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Relevance:5 Technical Level:5

Page Synopsis: If you subscribe to the CDR theory of CFS then administration of LDN is the logical next step


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Low Dose Naltrexone helps fibromyalga, anecdotal reports it helps with CFS


From: 'Chronic Fatigue Syndrome, A Roadmap for Testing and Treatment'


A low-dose naltrexone regimen (3 to 4.5 mg daily, taken before bed can have positive effects for various autoimmune and neurodegenerative diseases. Dr Chia finds LDN helps only a small percentage of ME/CFS patients, but for those it helps, it does so very significantly.1 LDN seems to help most fibromyalgia patients.1 LDN is cheap, costing $6 per month.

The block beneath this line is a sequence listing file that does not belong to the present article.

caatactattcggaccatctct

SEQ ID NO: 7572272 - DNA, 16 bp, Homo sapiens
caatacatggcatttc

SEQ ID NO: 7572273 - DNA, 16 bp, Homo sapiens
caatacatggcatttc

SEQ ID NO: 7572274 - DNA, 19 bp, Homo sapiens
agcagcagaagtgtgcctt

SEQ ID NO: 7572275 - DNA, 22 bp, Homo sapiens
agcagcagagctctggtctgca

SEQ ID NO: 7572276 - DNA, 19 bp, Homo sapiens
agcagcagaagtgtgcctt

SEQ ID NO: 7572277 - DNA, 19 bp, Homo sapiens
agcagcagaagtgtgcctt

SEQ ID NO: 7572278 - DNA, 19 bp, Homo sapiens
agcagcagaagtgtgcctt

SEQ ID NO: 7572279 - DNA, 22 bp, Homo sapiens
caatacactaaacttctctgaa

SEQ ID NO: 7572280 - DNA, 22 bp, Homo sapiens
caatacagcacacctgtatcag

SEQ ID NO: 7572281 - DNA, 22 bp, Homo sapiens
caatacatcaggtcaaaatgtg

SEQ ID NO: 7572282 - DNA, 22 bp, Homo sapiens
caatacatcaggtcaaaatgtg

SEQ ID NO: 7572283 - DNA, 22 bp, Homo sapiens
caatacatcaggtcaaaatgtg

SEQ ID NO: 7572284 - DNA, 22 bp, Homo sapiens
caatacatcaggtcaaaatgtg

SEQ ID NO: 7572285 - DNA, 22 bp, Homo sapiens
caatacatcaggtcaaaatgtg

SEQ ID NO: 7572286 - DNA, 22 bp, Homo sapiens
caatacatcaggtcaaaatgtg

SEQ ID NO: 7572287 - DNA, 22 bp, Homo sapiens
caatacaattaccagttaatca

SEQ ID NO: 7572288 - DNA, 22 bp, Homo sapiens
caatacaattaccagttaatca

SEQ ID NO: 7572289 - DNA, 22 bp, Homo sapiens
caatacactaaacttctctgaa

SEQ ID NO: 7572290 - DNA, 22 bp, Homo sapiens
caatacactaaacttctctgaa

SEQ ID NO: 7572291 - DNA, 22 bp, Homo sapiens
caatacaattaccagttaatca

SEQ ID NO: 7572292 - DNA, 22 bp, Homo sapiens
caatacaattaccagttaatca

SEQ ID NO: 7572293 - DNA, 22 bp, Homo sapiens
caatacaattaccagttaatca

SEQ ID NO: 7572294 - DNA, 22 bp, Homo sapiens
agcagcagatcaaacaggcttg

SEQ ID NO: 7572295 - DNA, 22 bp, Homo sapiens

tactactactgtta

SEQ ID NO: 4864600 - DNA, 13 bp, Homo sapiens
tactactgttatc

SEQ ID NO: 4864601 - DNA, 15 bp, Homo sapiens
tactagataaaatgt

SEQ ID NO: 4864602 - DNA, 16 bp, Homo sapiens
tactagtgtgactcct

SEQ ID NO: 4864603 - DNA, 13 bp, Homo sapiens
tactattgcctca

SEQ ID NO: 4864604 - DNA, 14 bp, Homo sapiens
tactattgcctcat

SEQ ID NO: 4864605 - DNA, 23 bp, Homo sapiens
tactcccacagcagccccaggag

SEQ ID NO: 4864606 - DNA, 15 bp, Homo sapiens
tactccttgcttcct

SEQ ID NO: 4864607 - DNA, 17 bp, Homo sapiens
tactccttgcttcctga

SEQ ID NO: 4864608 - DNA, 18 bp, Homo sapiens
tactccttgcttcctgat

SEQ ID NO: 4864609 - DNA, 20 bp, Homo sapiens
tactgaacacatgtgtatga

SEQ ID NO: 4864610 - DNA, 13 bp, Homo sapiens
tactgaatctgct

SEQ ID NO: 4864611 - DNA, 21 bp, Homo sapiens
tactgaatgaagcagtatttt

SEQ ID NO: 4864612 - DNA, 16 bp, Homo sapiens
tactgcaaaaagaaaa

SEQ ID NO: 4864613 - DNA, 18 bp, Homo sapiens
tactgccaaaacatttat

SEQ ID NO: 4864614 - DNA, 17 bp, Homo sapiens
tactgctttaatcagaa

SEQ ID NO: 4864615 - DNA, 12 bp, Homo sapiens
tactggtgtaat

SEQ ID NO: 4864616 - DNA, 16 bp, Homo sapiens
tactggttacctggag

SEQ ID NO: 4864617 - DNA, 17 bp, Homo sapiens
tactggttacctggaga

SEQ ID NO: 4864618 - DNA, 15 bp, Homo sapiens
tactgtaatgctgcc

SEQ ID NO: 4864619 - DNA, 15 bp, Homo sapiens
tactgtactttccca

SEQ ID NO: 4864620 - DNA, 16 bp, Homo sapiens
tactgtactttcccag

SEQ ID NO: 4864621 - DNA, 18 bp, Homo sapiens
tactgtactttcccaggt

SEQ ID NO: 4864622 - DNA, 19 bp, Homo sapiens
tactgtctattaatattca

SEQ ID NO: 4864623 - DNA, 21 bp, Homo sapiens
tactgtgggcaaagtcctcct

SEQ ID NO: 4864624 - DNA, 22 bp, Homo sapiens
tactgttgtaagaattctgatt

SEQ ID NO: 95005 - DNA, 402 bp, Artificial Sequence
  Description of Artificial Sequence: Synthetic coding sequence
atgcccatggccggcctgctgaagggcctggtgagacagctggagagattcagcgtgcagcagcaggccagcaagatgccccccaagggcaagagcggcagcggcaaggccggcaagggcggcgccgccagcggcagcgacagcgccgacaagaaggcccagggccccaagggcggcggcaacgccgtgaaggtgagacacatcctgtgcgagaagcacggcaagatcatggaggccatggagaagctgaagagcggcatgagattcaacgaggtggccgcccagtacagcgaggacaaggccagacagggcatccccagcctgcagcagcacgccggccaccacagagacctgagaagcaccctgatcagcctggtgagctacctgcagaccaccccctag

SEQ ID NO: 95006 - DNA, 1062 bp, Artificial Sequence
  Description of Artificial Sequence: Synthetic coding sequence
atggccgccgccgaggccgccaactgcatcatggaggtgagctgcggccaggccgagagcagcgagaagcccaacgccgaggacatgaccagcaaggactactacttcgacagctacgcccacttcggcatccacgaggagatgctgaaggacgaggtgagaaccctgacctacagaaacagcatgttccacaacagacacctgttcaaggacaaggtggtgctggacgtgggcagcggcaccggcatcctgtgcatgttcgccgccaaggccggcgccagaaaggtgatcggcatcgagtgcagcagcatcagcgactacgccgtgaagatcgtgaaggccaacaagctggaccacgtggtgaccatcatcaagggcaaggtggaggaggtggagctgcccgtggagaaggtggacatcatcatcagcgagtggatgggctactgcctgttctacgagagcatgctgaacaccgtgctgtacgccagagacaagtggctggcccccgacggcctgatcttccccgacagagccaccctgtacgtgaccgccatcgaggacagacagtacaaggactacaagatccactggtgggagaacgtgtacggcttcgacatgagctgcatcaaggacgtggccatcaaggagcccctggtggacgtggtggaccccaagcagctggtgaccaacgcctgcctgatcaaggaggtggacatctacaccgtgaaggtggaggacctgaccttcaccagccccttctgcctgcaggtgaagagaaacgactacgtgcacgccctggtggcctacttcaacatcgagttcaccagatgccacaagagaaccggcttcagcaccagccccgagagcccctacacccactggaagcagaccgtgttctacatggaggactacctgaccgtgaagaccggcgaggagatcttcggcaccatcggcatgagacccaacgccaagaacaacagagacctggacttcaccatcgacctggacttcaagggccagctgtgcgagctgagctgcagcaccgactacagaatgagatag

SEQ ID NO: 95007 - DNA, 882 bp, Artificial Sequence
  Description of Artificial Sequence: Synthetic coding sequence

LDN has several metabolic effects: it blocks the mu\-, delta\- and kappa-opioid receptors briefly  which is thought to up-regulate endorphins, it increases levels of met-enkephalin and its receptor, blocks TLR-4 on microglia, and LDN is believed to increase natural killer cell function  NK function is often low in ME/CFS patients. Note: it is possible that vitamin D3 may be essential for LDN to work properly, so it may be good idea to take vitamin D3 5,000 to 10,000 IU with LDN — see here

More info on LDN: LDN for ME/CFS, LDN Overview, Low dose naltrexone - MEpedia


Maija Haavisto author of “Reviving the Broken Marionette: Treatments for CFS/ME and Fibromyalgia” on Treating Chronic Fatigue Syndrome


"I’ve been using LDN for over seven years now. It was almost like a miracle, stopping my rapid disease progression, pretty much completely eliminating PEM  ! and increasing my ability to walk from some 50 meters to 5 km or more. I wasn’t cured but I’d sometimes work 15-hour days writing my medical books. I’ve also benefited significantly from nootropics. After starting nimodipine and piracetam I’ve written six novels, four non-fiction books, three plays and a screenplay."